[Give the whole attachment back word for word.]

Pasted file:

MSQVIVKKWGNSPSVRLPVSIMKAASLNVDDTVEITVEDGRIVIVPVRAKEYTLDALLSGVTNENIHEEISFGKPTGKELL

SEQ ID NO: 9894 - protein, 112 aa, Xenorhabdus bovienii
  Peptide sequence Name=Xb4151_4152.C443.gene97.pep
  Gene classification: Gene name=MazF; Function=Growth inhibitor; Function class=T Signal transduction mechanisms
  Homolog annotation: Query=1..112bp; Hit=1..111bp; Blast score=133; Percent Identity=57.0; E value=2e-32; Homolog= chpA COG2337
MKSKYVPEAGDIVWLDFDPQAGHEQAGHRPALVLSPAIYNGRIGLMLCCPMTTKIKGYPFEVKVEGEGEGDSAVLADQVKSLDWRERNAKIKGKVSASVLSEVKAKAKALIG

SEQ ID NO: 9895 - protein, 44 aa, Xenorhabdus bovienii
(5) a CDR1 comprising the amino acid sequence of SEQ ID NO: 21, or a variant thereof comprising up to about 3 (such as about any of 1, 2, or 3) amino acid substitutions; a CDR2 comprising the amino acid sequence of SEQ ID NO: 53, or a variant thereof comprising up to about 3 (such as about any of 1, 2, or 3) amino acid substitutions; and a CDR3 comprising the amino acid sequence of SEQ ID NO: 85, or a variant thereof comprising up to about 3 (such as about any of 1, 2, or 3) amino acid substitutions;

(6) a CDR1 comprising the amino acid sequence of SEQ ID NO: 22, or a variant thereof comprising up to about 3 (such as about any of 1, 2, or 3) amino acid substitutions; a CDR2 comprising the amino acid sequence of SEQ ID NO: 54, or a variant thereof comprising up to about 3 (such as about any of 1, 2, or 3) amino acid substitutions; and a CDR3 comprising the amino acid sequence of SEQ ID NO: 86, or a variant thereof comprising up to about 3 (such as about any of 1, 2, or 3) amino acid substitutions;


MSQVIVKKWGNSPSVRLPVSIMKAASLNVDDTVEITVEDGRIVIVPVRAKEYTLDALLSGVTNENIHEEISFGKPTGKELL

SEQ ID NO: 9894 - protein, 112 aa, Xenorhabdus bovienii
  Peptide sequence Name=Xb4151_4152.C443.gene97.pep
  Gene classification: Gene name=MazF; Function=Growth inhibitor; Function class=T Signal transduction mechanisms
  Homolog annotation: Query=1..112bp; Hit=1..111bp; Blast score=133; Percent Identity=57.0; E value=2e-32; Homolog= chpA COG2337
MKSKYVPEAGDIVWLDFDPQAGHEQAGHRPALVLSPAIYNGRIGLMLCCPMTTKIKGYPFEVKVEGEGEGDSAVLADQVKSLDWRERNAKIKGKVSASVLSEVKAKAKALIG

SEQ ID NO: 9895 - protein, 44 aa, Xenorhabdus bovienii
(5) a CDR1 comprising the amino acid sequence of SEQ ID NO: 21, or a variant thereof comprising up to about 3 (such as about any of 1, 2, or 3) amino acid substitutions; a CDR2 comprising the amino acid sequence of SEQ ID NO: 53, or a variant thereof comprising up to about 3 (such as about any of 1, 2, or 3) amino acid substitutions; and a CDR3 comprising the amino acid sequence of SEQ ID NO: 85, or a variant thereof comprising up to about 3 (such as about any of 1, 2, or 3) amino acid substitutions;

(6) a CDR1 comprising the amino acid sequence of SEQ ID NO: 22, or a variant thereof comprising up to about 3 (such as about any of 1, 2, or 3) amino acid substitutions; a CDR2 comprising the amino acid sequence of SEQ ID NO: 54, or a variant thereof comprising up to about 3 (such as about any of 1, 2, or 3) amino acid substitutions; and a CDR3 comprising the amino acid sequence of SEQ ID NO: 86, or a variant thereof comprising up to about 3 (such as about any of 1, 2, or 3) amino acid substitutions;